NJORD Estonia: Are Changes in Lease-Related Law Too Inclined in Favour of the Lessor?
On December 16, 2020 the Riigikogu passed amendments to the law changing the dwelling lease market and lease relations. The amendments to the law are planned to enter into force in 2021. On the one hand, the main goal of the amendments to law is very welcome, i.e. the intention is to bring more flexibility to the relatively rigid lease regulation and to give the lessor and lessee more freedom of agreement. The broader goal is to make investing in the lease market more attractive for lessors, whereby it is expected to also expand the lessees' opportunities to find the most suitable dwelling.
On the other hand, most of the adopted amendments favor the interests of lessors and impose more obligations on lessees. Therefore, the question rightly arises as to whether and how well the amendments ensure the protection of the interests of the lessee as the weaker party to the lease. Let us look at this problem with two specific examples.
The current Estonian Law of Obligations Act does not, as a rule, allow the lessor to agree with the lessee of the dwelling that the repair costs of the building, payments into the repair fund, or loans taken by the housing association must be paid by the lessee. Such agreements would be void under the current procedures in force. However, the adopted amendment to the law would validly allow agreeing in the future lease agreement that the corresponding expenses must be borne by the lessee.
According to the author, this is a problematic change, which tilts the current relationship between the lessee and the lessor too much to the detriment of the lessee. Given that the lessor is usually in a stronger position when entering into a residential lease contract, it is quite likely that such agreements, whereby the maintenance and improvement costs of the building will be borne entirely by the lessee, will become commonplace in the future lease contracts.
However, in order to protect the lessee, the amendment stipulates that the lessee must bear the costs of maintaining and improving the building only to a reasonable, proportionate, and foreseeable extent. However, it is clear that in practice such criteria cause a great deal of confusion and controversy, at least at the beginning. The lessee's and the lessor's views on the reasonable, proportionate, and foreseeable extent of the costs may differ diametrically.
In addition, the amendment to the law seeks to give the lessor of the dwelling an opportunity to agree with the lessee on the obligation to pay a contractual penalty to a limited extent. This would be the case if the lessee should breach any of his non-monetary obligations. Examples of non-monetary obligations are the obligation to use the rental space carefully and in accordance with the intended purpose and the obligation to consider the interests of the residents and neighbors. Under the law still in force, such a contractual penalty agreement would be void.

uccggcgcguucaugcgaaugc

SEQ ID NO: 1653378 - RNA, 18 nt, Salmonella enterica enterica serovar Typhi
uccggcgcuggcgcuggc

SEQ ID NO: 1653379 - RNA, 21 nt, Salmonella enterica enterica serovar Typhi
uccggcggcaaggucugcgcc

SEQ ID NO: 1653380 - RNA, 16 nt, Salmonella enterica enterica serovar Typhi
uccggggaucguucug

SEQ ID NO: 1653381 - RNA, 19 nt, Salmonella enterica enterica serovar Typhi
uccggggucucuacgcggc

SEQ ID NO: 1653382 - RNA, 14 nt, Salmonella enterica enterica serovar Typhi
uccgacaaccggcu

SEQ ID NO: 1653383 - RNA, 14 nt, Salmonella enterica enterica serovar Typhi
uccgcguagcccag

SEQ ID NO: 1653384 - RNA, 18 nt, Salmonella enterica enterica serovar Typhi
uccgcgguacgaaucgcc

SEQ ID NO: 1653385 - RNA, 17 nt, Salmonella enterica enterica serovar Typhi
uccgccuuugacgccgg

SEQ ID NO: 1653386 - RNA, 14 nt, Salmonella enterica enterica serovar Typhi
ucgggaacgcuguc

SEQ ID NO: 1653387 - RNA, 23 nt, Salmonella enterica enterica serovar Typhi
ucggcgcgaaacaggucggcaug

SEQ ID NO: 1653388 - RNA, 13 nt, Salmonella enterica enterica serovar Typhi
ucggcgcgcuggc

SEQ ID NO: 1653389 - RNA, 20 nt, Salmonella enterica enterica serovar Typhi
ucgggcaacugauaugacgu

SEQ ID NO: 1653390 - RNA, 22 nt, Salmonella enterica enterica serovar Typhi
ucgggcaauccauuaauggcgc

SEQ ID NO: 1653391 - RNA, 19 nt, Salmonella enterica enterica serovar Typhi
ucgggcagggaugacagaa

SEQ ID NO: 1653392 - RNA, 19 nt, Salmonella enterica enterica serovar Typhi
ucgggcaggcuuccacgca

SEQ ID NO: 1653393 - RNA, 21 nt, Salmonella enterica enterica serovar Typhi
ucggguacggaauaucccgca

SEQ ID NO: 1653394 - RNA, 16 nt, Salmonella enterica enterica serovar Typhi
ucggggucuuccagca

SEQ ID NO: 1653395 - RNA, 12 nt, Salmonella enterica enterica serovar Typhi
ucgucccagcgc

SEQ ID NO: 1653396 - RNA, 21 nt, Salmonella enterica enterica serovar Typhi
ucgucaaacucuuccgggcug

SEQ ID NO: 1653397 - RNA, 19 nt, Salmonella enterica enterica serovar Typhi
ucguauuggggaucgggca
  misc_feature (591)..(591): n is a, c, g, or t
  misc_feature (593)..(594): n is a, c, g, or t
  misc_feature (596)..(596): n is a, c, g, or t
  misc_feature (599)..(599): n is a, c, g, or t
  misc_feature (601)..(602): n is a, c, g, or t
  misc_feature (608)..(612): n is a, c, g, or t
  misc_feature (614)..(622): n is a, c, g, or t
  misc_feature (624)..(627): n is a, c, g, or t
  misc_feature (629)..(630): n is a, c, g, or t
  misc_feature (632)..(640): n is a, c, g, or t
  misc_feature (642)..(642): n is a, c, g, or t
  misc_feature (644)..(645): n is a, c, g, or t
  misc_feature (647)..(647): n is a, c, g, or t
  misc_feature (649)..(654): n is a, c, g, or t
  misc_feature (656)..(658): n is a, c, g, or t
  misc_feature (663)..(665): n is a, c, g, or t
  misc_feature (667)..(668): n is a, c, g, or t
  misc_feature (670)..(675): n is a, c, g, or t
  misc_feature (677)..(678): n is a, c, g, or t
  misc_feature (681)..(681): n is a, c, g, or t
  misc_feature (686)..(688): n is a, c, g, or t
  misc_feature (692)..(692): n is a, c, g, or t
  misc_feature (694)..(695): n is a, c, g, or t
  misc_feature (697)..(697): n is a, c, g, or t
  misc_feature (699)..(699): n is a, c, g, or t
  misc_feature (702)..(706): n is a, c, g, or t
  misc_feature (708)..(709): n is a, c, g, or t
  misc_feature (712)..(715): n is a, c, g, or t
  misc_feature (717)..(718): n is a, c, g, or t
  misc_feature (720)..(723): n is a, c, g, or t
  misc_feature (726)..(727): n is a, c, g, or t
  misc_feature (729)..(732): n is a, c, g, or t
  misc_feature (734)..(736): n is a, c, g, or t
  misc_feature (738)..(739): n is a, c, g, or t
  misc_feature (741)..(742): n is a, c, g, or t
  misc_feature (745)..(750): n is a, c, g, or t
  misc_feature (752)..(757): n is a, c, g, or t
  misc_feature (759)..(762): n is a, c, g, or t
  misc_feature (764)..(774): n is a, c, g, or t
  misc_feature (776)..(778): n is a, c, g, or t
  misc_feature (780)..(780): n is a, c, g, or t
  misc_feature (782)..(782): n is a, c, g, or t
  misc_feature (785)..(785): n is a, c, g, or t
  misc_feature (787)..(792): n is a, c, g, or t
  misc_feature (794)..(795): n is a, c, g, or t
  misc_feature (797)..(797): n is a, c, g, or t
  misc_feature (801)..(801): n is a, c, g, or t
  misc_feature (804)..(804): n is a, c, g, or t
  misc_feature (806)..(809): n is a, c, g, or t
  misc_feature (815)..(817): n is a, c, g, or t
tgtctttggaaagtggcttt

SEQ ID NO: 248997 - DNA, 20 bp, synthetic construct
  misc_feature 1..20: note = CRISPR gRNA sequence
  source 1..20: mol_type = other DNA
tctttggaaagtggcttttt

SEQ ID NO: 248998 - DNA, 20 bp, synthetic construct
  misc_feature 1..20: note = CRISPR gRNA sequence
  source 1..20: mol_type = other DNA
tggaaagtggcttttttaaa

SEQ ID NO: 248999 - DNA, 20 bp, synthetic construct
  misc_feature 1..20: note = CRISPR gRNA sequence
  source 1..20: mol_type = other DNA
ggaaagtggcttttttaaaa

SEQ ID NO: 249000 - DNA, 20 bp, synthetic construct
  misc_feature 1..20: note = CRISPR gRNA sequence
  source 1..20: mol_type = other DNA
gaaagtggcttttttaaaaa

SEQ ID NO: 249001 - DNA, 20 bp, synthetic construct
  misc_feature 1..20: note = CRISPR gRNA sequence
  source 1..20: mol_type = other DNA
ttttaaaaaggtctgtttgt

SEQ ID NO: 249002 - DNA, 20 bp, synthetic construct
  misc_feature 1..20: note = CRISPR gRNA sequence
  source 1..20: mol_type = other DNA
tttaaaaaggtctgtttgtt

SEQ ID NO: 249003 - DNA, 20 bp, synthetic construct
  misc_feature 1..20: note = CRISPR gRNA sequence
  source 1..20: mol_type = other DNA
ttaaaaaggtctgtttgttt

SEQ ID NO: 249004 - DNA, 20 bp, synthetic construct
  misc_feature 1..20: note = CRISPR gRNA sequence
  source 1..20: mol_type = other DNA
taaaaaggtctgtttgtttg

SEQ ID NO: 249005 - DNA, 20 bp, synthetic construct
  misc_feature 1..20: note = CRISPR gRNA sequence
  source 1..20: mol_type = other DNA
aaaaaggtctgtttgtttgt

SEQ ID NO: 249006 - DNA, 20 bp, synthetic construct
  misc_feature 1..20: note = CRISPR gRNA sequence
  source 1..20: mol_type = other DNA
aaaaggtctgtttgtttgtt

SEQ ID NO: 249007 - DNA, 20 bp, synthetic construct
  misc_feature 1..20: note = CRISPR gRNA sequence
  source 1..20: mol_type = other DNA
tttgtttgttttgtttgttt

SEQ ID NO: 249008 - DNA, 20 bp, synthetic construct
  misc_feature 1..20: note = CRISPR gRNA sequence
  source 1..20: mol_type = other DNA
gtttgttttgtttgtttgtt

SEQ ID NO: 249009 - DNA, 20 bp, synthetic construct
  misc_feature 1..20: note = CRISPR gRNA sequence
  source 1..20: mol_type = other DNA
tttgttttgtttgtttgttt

The fact that it is often very difficult for the lessor to determine and prove the actual damage caused by the breach of a non-monetary obligation speaks in favor of allowing the imposition of contractual penalty agreements. The contractual penalty simplifies the compensation for the damage to the lessor, as only the breach of contract (for example, the smoking ban on the rental premises or the ban on keeping pets) should be proved, and not the amount of the actual damage.
However, in order to protect the rights of the lessee, the amendment does not allow the imposition of a contractual penalty for the breach of the lessee`s financial obligation. The term "financial obligation" includes, for example, rent, incidental expenses, and a deposit, the payment of which may theoretically be delayed by the lessee.
In order to protect the lessee, contractual penalties are also limited in amount. According to the adopted amendment to the law, the amount of the contractual penalty agreed for one violation may not exceed 10% of the agreed monthly rent and other amounts borne by the lessee. Despite the proposed restrictions on penalty agreements, in practice, possible abuses of the application of a penalty by lessors are not ruled out.
In the light of the above, it is questionable whether the objective set out in the amendment to ensure a reasonable balance between the rights of the lessee and the economic interests of the lessor is still achievable in practice. Time and practice will show.